Ofcom proposes automatic compensation for broadband problems
- Author: Zachary Reyes Mar 24, 2017,
Mar 24, 2017, 14:15
Customers would receive cash payment or credit on a bill - under a scale set by Ofcom - without having to go through a lengthy claims process, under the plans.
Ofcom said compensation was now only given to a minority of those suffering problems and can fail to reflect adequately the harm caused.
Ofcom has today put forward proposals for the automatic dishing out of compensation to landline and broadband customers who suffer from quality of service issues such as missed appointments and delays in installs and repairs.
Ofcom is proposing £10 for every calendar day that a service isn't repaired, £30 for missed appointments and £6 per day for a new connection that's hasn't been installed on time.
This will mean firms such as BT, Sky and Virgin Media face paying out £185m ($231m) to 2.6 million customers a year who suffer poor service, said the regulator.
At the moment there are 7.2 million instances where landline or broadband customers suffer delayed repairs, missed appointments or delays to new installations.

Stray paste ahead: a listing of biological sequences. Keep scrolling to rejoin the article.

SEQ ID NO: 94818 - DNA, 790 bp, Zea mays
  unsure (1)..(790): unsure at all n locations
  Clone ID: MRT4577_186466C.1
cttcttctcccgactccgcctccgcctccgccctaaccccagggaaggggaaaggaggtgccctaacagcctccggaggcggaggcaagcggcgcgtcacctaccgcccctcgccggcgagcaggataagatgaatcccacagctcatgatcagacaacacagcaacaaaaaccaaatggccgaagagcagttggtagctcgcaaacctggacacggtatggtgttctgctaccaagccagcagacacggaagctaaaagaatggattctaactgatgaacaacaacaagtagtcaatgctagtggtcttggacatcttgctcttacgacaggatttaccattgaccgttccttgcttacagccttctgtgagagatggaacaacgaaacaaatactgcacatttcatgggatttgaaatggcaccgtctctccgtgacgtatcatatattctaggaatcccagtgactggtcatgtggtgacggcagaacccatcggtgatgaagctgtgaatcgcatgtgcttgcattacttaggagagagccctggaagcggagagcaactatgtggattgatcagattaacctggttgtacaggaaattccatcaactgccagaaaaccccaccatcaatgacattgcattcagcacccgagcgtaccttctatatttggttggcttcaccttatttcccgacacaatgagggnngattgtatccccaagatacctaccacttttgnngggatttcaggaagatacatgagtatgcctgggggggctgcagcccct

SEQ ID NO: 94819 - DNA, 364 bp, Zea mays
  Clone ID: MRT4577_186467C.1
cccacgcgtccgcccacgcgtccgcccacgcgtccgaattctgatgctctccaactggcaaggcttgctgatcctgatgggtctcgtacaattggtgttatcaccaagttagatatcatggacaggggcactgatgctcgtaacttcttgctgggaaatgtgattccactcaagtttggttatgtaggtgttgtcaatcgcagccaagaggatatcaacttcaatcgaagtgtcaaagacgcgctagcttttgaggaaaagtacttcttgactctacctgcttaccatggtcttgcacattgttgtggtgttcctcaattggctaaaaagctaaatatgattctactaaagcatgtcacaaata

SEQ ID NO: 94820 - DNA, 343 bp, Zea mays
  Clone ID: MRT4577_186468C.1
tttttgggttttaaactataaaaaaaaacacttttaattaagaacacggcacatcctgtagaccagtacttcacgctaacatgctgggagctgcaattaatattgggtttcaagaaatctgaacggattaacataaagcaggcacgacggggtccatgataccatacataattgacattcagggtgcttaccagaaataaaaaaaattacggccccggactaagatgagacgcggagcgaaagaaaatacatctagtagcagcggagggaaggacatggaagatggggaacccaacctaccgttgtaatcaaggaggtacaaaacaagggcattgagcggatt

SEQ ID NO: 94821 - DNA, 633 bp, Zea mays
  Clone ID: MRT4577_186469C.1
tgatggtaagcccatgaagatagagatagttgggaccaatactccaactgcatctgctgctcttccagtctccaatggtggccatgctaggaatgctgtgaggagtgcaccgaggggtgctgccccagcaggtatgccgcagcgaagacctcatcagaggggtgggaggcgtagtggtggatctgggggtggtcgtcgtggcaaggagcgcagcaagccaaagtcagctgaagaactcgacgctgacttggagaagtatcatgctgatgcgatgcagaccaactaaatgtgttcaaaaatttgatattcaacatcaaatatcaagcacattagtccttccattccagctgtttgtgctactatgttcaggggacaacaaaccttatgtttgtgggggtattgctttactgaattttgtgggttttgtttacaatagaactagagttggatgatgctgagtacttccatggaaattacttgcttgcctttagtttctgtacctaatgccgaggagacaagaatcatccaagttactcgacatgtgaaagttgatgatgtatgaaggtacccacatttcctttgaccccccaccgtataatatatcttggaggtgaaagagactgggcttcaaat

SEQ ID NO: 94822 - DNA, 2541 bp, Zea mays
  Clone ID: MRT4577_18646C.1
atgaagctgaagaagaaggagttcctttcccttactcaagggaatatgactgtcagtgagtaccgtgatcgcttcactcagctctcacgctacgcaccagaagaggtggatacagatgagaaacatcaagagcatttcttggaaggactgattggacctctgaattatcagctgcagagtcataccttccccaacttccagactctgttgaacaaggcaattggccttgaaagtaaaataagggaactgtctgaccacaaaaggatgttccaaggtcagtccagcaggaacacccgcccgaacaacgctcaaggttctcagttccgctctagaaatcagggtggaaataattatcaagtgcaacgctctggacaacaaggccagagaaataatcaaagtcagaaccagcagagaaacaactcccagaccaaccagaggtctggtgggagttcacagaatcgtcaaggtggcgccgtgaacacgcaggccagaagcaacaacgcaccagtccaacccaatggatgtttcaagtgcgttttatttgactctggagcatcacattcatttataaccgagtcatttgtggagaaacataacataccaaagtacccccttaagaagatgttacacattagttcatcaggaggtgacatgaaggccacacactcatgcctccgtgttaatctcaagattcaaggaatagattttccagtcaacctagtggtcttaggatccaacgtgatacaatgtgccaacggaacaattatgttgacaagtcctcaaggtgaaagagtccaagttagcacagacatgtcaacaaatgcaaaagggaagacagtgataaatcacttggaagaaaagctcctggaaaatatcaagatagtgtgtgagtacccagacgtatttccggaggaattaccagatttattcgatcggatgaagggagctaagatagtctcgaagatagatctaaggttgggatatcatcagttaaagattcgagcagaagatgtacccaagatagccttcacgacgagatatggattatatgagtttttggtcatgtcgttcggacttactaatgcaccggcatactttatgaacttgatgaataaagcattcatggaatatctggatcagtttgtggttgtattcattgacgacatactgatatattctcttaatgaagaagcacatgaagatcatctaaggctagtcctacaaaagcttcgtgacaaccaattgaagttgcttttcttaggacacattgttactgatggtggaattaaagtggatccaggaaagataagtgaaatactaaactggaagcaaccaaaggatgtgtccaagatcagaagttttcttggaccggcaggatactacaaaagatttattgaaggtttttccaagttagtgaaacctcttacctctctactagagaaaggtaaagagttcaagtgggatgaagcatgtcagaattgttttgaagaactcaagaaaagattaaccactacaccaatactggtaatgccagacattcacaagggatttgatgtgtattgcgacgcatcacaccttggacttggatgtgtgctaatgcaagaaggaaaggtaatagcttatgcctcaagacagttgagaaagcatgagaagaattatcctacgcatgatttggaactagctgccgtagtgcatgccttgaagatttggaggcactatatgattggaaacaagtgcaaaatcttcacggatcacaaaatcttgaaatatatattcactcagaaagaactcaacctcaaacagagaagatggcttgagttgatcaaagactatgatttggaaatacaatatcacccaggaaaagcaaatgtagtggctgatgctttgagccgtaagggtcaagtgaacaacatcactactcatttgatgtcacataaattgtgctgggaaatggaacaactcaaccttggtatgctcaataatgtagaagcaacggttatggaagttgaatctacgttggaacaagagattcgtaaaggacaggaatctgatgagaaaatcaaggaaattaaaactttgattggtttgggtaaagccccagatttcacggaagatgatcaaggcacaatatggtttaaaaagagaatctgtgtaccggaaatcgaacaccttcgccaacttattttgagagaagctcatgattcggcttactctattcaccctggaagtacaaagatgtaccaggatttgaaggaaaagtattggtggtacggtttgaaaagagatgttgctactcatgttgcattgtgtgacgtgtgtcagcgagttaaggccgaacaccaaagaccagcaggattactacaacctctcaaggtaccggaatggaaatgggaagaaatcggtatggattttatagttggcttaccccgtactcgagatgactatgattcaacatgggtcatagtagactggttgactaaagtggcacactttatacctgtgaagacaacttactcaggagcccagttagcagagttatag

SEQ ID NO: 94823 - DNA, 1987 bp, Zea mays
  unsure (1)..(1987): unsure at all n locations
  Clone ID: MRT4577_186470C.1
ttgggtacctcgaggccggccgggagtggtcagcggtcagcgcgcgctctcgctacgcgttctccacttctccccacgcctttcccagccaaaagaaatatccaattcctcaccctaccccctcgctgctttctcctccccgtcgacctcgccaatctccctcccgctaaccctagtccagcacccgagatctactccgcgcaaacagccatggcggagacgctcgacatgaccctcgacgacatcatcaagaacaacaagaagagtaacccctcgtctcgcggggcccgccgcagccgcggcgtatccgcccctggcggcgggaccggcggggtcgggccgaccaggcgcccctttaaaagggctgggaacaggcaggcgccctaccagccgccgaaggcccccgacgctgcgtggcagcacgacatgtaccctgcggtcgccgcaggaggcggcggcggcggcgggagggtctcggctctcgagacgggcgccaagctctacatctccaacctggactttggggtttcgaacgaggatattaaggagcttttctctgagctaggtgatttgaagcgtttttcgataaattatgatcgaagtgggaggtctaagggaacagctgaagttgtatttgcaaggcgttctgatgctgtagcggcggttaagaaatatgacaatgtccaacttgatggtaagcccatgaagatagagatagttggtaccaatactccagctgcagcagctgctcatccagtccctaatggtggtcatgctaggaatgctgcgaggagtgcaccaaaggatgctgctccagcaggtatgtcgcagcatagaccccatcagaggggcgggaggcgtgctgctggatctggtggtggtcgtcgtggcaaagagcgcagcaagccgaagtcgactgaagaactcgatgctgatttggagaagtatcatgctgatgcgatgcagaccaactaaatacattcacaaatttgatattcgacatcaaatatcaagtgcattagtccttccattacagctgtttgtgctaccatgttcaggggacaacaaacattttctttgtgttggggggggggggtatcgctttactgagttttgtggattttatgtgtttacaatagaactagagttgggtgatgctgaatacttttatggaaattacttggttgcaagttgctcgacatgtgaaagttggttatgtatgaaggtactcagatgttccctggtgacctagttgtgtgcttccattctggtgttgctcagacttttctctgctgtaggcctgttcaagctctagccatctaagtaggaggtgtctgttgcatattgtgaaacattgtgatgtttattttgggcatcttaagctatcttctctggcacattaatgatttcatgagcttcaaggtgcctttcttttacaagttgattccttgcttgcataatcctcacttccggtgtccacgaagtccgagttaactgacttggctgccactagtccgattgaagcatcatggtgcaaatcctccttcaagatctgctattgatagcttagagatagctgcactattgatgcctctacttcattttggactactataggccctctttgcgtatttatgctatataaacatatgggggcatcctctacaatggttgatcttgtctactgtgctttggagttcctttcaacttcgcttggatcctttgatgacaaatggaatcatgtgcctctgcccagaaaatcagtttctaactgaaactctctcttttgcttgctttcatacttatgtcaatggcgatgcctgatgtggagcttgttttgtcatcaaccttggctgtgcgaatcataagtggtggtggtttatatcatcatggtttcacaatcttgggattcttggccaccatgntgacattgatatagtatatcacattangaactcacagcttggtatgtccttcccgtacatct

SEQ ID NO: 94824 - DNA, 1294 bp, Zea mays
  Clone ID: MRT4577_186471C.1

"This will mean customers are properly compensated, while providers will want to work harder to improve their service". Financial compensation, totalling around £16.3 million, is now paid out in 1.1 million of these cases.
Ofcom pointed out that at the moment compensation payments are now given ad-hoc to only a minority of those suffering problems (in up to 15 percent of cases), and can fail to adequately reflect the harm caused. Ofcom also said around 250,000 engineering appointments are missed each year while around one in eight landline and broadband installations are delayed, affecting more than 1.3 million people, representing about 12% of all installations. However, Ofcom said that these proposals do not meet its concerns.
Ofcom proposes that all SMEs should benefit from clearer, more detailed information upfront about the service on offer - including whether they are entitled to compensation, and how much, when problems occur.
A consultation on the plans is open until 5 June and a decision will be published around the end of the year, Ofcom said.